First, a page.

Intensity Key to Repeatable Results
Posted by Plish on August 27, 2009
The Chicago White Sox, my favorite baseball team, have hit the skids in their quest to win the division. They seem to have a lackluster attitude and they just don’t get things done. They’re terrible at bringing people home when they’re in scoring position and they’re not making good defensive plays. In other words, the team isn’t executing well…or at all!
Two losses ago, Scott Podsednik said the team needed to play with more intensity. The Manager echoed those statements.
Well, the Sox lost the next game in spite of Podsednik hitting a clutch home run as a pinch hitter.
Captain Paul Konerko, then said after that loss, “I’ll take execution and smart play over intensity. That stuff will win out. ”
It’s not either/or.
Podsednik had it right. Intensity needs to be there. In fact, execution and smart play is a function of intensity; as intensity goes up (to a point) execution and smart play occur in a more repeatable fashion.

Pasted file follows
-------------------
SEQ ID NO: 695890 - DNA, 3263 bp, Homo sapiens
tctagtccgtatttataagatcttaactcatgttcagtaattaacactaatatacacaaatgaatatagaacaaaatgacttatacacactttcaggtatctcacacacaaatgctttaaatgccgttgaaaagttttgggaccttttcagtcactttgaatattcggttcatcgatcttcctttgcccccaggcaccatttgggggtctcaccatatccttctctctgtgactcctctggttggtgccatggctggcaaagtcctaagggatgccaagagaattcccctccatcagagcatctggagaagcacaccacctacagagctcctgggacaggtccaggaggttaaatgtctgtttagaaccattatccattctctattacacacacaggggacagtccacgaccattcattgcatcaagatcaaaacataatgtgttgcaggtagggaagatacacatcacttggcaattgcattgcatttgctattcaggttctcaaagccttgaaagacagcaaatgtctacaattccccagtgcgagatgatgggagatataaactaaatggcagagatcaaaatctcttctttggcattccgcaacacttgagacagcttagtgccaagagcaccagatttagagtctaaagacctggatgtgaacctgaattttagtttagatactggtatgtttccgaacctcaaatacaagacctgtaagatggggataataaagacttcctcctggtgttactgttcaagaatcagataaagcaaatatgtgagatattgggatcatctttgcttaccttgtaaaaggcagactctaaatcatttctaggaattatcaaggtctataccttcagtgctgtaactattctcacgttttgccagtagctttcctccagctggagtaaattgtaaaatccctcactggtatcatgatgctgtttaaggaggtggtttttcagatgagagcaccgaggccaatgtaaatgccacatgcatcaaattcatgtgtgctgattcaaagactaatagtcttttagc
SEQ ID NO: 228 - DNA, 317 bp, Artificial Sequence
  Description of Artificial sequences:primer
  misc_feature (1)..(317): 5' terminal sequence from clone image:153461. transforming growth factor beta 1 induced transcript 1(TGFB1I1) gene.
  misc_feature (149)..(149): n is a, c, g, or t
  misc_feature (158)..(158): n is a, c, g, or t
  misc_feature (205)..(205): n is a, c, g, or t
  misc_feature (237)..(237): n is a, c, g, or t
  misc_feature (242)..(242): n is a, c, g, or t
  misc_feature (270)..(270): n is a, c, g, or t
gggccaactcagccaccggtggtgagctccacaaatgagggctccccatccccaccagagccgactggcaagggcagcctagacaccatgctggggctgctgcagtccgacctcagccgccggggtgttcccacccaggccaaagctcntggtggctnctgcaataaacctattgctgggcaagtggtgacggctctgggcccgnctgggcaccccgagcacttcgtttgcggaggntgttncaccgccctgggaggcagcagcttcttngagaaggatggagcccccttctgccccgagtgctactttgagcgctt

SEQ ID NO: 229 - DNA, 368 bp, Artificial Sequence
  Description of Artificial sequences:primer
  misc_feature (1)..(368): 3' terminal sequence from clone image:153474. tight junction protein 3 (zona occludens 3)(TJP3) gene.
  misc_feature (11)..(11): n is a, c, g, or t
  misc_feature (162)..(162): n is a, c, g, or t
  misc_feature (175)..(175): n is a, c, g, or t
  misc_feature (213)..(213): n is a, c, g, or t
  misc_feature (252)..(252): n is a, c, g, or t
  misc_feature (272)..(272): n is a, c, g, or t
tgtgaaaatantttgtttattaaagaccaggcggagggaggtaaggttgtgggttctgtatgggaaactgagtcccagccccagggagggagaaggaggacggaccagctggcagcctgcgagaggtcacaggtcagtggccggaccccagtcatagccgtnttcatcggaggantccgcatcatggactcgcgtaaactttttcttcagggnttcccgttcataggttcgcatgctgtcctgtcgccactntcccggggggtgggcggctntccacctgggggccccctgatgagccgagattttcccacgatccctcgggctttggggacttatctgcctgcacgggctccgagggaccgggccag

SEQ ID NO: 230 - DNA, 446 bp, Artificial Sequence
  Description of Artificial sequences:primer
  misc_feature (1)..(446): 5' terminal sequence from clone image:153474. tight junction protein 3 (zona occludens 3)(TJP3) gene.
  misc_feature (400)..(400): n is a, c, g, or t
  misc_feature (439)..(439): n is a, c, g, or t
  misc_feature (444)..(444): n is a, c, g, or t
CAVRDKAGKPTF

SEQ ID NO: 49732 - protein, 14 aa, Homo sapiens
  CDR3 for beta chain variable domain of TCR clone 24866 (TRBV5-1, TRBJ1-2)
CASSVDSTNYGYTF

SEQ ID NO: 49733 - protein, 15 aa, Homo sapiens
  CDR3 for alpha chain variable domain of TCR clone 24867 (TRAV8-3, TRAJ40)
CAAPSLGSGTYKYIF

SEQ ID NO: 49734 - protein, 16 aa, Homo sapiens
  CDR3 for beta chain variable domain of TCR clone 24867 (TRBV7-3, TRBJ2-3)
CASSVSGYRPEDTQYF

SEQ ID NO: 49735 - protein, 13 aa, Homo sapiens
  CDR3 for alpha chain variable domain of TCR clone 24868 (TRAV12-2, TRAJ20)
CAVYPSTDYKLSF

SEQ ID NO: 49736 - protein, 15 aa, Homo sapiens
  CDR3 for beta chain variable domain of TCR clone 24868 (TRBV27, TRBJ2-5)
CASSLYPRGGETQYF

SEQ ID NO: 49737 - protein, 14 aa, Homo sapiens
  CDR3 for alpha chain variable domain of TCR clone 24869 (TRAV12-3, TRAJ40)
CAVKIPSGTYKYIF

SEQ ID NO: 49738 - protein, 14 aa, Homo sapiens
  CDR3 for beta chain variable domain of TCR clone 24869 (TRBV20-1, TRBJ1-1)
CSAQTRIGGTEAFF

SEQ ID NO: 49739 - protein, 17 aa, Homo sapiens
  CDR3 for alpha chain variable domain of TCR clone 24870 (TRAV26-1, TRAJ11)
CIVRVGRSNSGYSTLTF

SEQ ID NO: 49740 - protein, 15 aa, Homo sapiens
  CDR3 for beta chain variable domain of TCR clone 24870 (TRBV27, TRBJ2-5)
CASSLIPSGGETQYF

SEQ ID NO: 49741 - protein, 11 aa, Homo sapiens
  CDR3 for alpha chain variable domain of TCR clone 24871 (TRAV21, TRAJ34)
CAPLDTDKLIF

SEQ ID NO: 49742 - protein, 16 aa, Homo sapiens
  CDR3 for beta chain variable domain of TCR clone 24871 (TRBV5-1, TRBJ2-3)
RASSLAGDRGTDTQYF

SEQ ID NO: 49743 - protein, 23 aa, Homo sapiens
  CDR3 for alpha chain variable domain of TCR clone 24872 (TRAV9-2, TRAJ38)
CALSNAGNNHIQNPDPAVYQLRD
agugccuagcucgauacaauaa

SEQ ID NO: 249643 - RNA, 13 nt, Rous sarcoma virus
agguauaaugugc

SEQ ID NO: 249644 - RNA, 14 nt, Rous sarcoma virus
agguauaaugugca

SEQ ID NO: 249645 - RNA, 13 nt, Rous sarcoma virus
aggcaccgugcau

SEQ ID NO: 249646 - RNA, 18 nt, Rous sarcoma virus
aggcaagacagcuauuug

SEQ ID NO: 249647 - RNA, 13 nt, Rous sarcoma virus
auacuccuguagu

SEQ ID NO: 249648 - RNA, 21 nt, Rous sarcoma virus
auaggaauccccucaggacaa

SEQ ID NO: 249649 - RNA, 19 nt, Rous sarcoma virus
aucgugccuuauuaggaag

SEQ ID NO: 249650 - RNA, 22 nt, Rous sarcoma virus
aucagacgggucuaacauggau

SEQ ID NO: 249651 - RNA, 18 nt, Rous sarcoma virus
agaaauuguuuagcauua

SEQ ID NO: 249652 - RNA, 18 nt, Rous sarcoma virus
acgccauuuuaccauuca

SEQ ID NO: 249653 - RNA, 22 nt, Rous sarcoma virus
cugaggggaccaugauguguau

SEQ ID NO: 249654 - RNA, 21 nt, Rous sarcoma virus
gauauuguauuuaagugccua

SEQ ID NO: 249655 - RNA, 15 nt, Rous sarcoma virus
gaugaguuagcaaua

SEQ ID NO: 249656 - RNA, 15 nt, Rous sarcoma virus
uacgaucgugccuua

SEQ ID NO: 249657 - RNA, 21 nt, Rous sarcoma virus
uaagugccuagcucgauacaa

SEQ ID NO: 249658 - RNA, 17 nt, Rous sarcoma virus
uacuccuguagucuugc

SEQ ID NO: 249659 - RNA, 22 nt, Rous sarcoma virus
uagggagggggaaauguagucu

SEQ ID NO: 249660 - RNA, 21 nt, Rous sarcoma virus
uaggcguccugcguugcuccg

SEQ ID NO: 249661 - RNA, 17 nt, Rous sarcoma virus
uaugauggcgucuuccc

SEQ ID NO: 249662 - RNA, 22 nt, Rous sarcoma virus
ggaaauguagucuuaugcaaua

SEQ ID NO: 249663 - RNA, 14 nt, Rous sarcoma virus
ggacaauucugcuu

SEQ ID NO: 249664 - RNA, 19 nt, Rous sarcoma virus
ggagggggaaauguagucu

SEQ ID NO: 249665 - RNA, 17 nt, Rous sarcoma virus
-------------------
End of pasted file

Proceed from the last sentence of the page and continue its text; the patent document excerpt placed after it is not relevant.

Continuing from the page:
Why does intensity going up “to a point” make a difference?
Think of younger athletes playing a sport like soccer. They run vigorously up and down the field, sometimes never even touching the ball but nonetheless they’re all sweating as if they’re playing active roles in moving the ball downfield and into the opposing goal.
The truth is that perhaps only one or two people are actually doing any useful work; the rest are running around willy-nilly. To that end, Konerko is correct, execution and smart play is better than intensity.
But, I don’t think that’s what Podsednik meant. When people focus their intensity, they enter that ‘zone’ where everything works. People don’t usually make stupid mistakes when their intensity is focused. People don’t fail to execute when their intensity is focused.
So why this baseball based diatribe?
Because it’s our lesson as well.
Repeatably being on the top of our games will not happen without some type of intensity. Whether it’s solving problems with cool new ideas, coming up with a new piece of art or music, or keeping from getting into an accident while driving in a snow storm during rush hour, intensity is the lens that makes fruitful results possible.
So, next time you’re not getting the results you want, look at how well you’re focused. It doesn’t take that big of a lens to start a fire using the suns rays.
You are that bright light…bring some fire to your world!